Should you have a destination wedding?
A destination wedding is bound to have its own pros and cons because it is held in a location that is away from the couple’s hometown. Nonetheless, this exotic alternative allows a couple to exchange their vows at an adventurous or idyllic location, occasionally saving money to boot.
Destination weddings vary greatly in size. Some destination weddings involve just the eloping couple, some destination weddings include a few close friends and family, while other destination weddings are full tilt affairs with multiple parties over a long wedding weekend.
So, would a destination wedding be right for you? Let us examine some pros and cons of a destination wedding.
Pro: Complete Wedding Package
Resorts and tourism organizations have seen the dollar signs behind the destination wedding trend and make it their business to keep destination weddings stress-free and simpler. As part of a package deal, many offer the complimentary services of their on-site wedding consultant who will help you coordinate all of the ceremony essentials like a marriage license, cake, and officiant. All you have to do is show up. The on-site wedding coordinator often serves as your concierge for the duration of your stay and can organize activities for your guests such as sightseeing, SCUBA or snorkeling excursions, sports, or shopping. If your resort has a spa onsite, you can arrange to give your guests spa services as “thank you” gifts.
Pro: Avoid Stressful Family Situations
With a smaller invitation list, you can avoid feeling forced to invite the cousin you cannot stand or the in-law that everyone fights with. You can just invite your very closest friends and family to the intimate ceremony and celebration or keep it romantic and do not invite anyone. You can always send them pictures.
Pro: Smaller Guest List Means Less Expensive Reception
In most cases, if you have only a handful of friends and family or you have 50—the likelihood is that if you were to have a traditional wedding near home, your reception could be about 200 people. Spending a luxurious wedding weekend in a dramatic location can often cost less than a seated dinner at a nice location in your hometown.
Although the reception may be less expensive, the costs of travel should be included in your budget. Destination wedding etiquette may call for the bride and groom to pay for the hotel rooms, food, and some guests’ expenses—although etiquette varies greatly and changes over time. Some only pay for the wedding party, and some not at all. The bride and groom should negotiate for reduced-rate accommodations or a block of rooms for their guests if accommodations are not included. Guests are expected to pay for their own airfare. If money is an issue, look at domestic locations or countries with a favorable exchange rate, and consider keeping the guest list small.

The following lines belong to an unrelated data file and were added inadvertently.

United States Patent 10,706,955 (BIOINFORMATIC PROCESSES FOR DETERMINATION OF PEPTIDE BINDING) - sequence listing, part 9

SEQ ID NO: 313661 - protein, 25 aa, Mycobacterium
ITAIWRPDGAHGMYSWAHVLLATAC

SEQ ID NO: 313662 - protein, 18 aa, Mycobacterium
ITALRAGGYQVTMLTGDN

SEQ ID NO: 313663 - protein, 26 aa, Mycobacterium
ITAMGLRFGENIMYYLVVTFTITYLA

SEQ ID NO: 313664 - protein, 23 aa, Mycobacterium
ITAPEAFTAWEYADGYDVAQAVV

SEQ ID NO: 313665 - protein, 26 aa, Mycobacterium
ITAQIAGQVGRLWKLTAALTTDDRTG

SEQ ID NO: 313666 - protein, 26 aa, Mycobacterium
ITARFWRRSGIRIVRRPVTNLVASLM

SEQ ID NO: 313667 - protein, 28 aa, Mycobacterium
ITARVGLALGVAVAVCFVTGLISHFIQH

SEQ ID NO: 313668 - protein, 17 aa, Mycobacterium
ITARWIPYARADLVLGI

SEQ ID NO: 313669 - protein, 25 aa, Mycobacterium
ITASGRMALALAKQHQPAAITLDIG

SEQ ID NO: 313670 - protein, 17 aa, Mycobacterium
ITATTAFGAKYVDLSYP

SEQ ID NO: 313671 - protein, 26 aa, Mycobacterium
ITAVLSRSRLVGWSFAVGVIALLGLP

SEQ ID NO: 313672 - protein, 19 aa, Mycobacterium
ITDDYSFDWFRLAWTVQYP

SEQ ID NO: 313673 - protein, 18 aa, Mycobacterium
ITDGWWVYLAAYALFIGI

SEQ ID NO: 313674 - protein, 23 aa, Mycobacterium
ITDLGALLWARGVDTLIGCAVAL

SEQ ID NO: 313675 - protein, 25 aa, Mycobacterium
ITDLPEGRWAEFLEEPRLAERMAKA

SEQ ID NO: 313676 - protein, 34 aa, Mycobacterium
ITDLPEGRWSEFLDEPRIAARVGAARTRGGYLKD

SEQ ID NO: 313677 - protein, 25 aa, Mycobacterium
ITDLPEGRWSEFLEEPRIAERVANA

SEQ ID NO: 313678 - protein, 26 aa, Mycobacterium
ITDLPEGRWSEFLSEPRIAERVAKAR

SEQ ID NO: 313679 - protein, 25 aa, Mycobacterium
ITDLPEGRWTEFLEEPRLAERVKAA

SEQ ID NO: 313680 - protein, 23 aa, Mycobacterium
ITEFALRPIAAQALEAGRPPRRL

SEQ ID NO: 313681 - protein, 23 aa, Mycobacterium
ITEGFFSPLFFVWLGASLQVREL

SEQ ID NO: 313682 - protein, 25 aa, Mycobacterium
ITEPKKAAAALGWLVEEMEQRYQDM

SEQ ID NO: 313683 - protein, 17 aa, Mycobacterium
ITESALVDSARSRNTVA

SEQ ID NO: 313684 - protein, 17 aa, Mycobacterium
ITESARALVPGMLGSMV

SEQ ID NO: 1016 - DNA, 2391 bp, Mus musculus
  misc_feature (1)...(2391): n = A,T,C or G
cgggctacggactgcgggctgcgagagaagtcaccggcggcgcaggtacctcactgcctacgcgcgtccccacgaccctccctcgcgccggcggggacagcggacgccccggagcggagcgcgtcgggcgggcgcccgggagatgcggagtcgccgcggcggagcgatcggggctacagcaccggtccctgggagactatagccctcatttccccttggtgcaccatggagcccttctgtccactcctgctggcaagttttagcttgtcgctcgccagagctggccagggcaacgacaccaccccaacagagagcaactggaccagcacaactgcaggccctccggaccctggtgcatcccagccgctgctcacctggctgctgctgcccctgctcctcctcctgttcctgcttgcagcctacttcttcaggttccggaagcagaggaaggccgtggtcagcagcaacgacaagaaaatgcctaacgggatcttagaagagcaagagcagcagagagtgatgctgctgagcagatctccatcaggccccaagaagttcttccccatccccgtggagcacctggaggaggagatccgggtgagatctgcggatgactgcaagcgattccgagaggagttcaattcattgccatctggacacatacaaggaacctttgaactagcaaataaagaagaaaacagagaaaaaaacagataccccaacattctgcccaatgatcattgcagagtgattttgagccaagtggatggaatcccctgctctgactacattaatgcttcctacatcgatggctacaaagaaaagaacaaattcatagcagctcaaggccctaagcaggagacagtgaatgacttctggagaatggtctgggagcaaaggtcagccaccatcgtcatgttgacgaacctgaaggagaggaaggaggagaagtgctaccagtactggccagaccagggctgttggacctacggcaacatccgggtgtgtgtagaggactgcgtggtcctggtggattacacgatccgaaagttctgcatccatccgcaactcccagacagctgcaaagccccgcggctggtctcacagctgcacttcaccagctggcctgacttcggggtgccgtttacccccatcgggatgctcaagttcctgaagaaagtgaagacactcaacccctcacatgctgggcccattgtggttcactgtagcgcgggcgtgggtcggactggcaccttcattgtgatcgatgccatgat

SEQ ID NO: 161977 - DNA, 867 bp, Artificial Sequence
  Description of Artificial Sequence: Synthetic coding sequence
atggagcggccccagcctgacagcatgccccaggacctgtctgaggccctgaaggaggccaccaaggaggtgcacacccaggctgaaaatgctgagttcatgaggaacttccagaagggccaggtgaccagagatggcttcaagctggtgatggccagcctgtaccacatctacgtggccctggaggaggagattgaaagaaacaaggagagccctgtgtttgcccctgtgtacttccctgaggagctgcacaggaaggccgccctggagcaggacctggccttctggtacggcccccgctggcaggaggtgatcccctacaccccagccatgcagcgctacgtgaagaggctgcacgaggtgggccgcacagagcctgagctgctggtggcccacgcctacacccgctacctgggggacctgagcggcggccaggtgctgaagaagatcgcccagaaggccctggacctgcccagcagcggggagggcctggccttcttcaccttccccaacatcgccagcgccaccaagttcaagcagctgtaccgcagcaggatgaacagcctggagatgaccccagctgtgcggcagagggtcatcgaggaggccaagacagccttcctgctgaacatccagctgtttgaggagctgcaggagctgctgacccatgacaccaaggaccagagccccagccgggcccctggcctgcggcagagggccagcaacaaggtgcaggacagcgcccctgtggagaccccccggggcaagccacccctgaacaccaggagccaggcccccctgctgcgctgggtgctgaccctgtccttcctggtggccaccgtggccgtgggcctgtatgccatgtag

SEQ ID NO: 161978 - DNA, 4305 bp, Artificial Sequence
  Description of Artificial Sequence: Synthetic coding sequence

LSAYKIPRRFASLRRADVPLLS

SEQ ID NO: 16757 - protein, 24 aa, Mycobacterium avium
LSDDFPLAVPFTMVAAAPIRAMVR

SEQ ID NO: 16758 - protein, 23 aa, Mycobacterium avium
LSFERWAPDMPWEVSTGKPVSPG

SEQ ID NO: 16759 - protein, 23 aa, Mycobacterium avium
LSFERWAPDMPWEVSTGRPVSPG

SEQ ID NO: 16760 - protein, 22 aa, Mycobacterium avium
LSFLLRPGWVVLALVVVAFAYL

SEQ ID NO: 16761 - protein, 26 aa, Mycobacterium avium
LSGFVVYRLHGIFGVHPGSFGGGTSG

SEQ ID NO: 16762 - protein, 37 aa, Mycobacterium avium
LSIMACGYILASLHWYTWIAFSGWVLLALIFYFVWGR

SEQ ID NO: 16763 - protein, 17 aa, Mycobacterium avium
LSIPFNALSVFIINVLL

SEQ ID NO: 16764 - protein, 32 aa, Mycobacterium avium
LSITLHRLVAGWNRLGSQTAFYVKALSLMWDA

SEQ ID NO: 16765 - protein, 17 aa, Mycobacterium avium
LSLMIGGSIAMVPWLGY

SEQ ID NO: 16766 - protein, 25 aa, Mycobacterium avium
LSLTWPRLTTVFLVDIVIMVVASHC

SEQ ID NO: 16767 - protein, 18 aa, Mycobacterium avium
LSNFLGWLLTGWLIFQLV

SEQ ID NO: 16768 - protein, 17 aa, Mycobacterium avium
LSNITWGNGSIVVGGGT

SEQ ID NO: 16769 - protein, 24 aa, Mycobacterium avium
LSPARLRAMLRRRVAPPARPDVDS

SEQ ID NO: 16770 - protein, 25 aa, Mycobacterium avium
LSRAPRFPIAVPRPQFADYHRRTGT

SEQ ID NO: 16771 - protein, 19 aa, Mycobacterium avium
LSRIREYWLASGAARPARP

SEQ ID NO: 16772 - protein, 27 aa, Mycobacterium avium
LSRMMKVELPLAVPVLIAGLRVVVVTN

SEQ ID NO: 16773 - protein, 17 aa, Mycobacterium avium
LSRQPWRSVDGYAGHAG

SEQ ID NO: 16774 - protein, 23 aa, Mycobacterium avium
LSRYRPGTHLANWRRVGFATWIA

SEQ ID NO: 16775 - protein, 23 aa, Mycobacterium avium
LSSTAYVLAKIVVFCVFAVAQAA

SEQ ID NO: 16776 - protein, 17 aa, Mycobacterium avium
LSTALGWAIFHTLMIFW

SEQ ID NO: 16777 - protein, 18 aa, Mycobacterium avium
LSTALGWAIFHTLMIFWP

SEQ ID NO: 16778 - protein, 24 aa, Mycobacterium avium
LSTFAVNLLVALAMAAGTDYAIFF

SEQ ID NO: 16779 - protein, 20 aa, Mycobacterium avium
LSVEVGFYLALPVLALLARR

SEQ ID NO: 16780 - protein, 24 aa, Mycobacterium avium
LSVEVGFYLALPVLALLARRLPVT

Pro: Honeymoon at Your Dream Locale
If you had gotten married close to home, in most cases, the first night as man and wife is not far from the wedding reception. Instead of spending your honeymoon at a bed and breakfast, hotel, or your house, you can have the trip of a lifetime in a glamorous location. Best of all, you will have a good excuse to return there for a 5th, 10th, or 25th year anniversary
Con: Long Distance Red Tape
A destination wedding may be full of hurdles if you do not choose to get married at a resort that specializes in offering wedding services. If you choose to arrange it on your own, you will have to juggle all those details yourself long distance. If your destination wedding is in a foreign country or even another state, you might run into complications when trying to get a marriage license. Consider hiring a coordinator who specializes in destination weddings to help you over these speed bumps. Whether you get a wedding coordinator or not, you should know how to get a marriage license in that location. Also, check with the local tourist board, it may have literature available to help you find local florists, photographers, and venues.
Now to the second part of the pros and cons of a destination wedding.
Con: People You Care About Might Not Make It
Particularly for far-away locations, some guests may not be able to attend due to the expense, the difficulty of getting time off of work, or age may make flights harder to manage. Older guests have difficulty traveling. Before you put down the wedding deposit, talk to those people you feel would be truly essential to have at the wedding. If cost is a blocker for some, then consider paying for some of your guests’ airfare, and look into group discounts through travel agents. On the plus side, you will have far more time to spend with the guests who can attend your destination wedding rather than if you had a traditional wedding close to home.
Con: Your Family Is on Your Honeymoon after your destination wedding
Congratulations, you are married. But now, you are on your honeymoon with your family and friends. Of course, you are probably in a beautiful place, but will you have enough romantic alone time? To get away from your loved ones, make sure you schedule away time and insist on it. You can arrive a few days before everyone else (you may need to do this anyway for marriage license requirements) and plan some special time for yourselves, or you can have a honeymoon nearby afterward. If neither of these is possible, find interesting things your wedding party can do while you and your fiance have alone time.
Now that you are fully aware of the pros and cons of a destination wedding, why not check out our destination wedding page: